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Are daughters always the losers in the chore war? Evidence using household and twin data from Vietnam

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  • Tien Manh Vu

    (Ph.D Candidate, Osaka School of International Public Policy, Osaka University)

Abstract

This paper examines the gender gap in the division of housework in Vietnam among the household headsf children who are not married and still reside in the family home. We find that in a typical day, a daughter has a higher probability of undertaking some housework and for some 9.66 to 17.94 minutes longer than would an equivalent son. Among siblings in two-child families, a daughter who has a brother has the largest gender gap. However, once we control for differences in genetic endowment, with both twins involved in at least some housework, male-female twins spend approximately the same amount of time on housework. In a mutual decision-making scenario, among siblings in two-child families, an elder daughter would shoulder housework for the other sibling while the reverse holds for younger sisters, but only where the children are 20 years of age or younger. In addition, we find that besides sharing the family total housework load, one minute spent on housework by the mother inspires a 0.0481-0.298 minute increase in the time spent on housework by her daughter.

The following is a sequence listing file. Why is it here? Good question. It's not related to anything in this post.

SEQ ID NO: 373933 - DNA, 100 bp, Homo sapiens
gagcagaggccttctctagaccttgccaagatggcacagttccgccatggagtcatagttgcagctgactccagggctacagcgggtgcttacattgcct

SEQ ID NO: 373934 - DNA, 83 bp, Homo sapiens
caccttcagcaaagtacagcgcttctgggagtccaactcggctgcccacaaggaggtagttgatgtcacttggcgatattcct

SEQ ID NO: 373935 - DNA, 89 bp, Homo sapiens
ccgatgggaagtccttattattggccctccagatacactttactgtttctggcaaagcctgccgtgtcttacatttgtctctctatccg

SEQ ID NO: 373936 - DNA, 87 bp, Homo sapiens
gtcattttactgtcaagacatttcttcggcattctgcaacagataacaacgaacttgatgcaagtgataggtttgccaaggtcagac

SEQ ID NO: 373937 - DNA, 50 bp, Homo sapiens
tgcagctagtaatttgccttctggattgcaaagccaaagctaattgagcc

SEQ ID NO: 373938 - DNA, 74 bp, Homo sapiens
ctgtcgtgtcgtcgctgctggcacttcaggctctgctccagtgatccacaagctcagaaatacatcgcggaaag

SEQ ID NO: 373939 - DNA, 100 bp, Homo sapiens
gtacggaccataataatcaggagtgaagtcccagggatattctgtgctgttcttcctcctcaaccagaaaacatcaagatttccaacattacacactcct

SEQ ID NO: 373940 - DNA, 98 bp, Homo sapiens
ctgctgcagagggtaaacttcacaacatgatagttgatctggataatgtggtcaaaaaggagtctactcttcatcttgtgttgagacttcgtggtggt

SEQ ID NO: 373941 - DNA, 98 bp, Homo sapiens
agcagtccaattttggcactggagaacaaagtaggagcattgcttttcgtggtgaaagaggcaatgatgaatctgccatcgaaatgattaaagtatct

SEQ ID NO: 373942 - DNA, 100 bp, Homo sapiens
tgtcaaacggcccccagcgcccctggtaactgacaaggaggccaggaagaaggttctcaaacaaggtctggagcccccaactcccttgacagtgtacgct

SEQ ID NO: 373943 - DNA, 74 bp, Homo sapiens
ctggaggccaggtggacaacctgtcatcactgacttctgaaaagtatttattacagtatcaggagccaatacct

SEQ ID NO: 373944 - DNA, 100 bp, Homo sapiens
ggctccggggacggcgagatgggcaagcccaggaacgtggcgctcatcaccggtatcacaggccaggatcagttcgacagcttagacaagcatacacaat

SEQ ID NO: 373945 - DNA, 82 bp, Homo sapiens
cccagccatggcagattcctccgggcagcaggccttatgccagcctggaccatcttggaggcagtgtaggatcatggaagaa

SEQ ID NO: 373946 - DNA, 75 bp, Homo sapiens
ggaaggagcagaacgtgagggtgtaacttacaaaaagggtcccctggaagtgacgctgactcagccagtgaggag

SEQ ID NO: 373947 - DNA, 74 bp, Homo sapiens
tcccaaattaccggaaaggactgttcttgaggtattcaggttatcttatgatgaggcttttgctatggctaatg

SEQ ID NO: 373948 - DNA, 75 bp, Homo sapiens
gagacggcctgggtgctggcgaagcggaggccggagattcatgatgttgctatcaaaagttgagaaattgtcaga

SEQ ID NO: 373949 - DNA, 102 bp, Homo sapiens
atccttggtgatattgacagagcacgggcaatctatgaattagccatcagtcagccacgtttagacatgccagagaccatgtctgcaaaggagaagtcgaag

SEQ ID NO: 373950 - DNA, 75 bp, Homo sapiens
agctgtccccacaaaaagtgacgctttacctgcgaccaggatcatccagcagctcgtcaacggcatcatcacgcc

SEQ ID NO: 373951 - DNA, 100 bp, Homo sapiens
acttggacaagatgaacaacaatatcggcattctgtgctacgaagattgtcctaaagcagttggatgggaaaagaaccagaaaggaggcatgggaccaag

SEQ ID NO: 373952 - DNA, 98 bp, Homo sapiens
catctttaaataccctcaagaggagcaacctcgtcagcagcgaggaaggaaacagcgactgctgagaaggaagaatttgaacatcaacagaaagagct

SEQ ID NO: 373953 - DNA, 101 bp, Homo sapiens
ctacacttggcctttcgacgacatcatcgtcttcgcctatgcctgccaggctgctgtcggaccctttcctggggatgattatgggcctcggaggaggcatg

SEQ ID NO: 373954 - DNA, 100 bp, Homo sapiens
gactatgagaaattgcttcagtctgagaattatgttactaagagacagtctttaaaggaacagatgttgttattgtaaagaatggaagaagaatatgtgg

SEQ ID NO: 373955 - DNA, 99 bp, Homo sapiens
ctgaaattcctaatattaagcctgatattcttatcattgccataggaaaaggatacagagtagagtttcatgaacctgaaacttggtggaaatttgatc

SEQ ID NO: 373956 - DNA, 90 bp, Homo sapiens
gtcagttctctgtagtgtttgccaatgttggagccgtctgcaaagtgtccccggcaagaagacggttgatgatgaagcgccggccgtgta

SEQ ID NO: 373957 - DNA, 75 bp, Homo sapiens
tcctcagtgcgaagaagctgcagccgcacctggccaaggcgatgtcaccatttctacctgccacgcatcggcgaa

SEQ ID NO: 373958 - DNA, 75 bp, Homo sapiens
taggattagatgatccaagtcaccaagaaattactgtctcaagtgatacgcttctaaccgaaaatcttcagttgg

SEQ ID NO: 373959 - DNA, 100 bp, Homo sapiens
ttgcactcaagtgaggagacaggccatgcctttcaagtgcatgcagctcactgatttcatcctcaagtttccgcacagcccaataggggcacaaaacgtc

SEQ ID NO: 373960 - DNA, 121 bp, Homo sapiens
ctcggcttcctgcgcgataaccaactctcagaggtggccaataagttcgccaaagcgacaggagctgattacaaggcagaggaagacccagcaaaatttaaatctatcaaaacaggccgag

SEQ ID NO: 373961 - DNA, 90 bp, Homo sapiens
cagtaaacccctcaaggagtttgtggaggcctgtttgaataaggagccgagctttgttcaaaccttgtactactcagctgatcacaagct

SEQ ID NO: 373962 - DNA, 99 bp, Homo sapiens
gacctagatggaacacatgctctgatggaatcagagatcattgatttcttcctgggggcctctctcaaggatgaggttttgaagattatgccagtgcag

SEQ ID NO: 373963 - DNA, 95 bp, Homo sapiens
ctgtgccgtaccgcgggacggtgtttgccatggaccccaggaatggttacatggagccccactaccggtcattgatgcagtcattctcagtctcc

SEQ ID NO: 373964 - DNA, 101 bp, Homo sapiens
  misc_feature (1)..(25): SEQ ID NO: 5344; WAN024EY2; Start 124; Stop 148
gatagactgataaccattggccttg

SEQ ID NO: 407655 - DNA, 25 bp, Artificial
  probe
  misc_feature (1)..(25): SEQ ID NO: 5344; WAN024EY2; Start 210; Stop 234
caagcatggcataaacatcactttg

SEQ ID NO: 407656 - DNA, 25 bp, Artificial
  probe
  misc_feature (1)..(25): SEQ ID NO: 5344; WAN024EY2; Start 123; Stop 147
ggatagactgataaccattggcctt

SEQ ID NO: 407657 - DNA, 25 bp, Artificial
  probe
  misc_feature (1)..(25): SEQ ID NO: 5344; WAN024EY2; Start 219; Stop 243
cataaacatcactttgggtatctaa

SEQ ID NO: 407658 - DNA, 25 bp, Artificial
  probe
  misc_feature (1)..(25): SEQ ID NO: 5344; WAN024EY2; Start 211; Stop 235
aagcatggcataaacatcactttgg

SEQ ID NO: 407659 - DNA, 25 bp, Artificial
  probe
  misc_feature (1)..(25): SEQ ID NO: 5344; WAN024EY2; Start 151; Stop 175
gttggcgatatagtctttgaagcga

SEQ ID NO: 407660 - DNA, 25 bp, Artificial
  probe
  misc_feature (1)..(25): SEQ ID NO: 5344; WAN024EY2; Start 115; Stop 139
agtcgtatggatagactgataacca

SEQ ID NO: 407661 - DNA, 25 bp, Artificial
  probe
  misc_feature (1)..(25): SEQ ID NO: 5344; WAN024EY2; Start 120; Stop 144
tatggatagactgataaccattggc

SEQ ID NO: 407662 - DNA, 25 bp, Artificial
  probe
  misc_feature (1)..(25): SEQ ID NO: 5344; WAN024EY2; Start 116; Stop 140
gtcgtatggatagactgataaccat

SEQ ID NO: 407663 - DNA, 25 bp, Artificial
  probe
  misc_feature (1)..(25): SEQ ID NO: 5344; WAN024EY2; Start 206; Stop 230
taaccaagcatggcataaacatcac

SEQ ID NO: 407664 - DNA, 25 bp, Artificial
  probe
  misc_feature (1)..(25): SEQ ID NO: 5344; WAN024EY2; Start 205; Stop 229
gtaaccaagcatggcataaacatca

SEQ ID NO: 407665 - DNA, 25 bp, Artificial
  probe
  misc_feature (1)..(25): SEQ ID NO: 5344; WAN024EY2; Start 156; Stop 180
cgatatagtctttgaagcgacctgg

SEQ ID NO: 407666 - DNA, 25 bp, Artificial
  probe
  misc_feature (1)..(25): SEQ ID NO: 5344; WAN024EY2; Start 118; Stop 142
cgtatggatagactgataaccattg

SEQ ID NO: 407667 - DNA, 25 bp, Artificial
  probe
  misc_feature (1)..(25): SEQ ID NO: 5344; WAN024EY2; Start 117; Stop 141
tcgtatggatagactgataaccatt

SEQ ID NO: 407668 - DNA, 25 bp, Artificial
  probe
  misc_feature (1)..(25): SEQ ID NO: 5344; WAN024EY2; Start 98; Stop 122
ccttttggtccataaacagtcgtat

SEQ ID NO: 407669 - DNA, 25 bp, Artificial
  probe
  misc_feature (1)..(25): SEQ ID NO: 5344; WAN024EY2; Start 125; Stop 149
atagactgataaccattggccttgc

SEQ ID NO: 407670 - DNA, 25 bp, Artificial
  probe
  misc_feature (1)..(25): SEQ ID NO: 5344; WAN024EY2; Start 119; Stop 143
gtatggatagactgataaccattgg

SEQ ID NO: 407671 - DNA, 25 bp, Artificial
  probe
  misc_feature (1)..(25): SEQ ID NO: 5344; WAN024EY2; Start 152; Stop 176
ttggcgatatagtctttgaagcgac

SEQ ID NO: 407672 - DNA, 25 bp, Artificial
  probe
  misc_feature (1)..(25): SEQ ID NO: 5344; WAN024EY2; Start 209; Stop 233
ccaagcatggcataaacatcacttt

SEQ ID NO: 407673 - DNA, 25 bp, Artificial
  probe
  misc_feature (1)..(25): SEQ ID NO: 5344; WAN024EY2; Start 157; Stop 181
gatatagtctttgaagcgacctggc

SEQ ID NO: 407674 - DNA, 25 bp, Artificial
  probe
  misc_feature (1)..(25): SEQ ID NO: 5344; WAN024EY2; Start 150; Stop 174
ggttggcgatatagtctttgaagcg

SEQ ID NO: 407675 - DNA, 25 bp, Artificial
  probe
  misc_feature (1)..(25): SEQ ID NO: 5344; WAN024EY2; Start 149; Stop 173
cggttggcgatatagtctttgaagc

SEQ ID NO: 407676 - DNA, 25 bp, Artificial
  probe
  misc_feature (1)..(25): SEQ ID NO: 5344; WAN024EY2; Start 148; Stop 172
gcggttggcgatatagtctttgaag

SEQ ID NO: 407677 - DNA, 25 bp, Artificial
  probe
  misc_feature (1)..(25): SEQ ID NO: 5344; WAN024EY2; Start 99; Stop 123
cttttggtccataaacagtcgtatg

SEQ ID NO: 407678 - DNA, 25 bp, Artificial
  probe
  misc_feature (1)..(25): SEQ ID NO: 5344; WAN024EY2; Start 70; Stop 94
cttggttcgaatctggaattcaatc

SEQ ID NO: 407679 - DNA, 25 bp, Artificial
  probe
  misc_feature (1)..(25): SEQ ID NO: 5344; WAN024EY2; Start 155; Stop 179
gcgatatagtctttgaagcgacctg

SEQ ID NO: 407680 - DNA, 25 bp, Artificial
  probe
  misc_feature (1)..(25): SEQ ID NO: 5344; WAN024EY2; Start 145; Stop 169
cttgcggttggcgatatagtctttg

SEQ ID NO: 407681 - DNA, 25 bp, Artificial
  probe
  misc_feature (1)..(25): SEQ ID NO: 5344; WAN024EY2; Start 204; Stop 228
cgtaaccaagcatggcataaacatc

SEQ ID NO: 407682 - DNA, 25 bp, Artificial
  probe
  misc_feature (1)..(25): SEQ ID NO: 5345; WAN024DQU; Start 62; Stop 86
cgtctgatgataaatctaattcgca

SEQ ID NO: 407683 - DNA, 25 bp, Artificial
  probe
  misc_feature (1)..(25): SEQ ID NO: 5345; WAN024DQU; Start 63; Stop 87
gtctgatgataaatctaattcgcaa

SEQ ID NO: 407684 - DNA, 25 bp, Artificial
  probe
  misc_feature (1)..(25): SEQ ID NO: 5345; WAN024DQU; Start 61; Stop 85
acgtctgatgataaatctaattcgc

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File URL: http://www.osipp.osaka-u.ac.jp/archives/DP/2012/DP2012E002.pdf
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Bibliographic Info

Paper provided by Osaka School of International Public Policy, Osaka University in its series OSIPP Discussion Paper with number 12E002.

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Length: 25 pages
Date of creation: Mar 2012
Date of revision:
Handle: RePEc:osp:wpaper:12e002

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Keywords: Housework; Division of housework; Twins; Gender equality;

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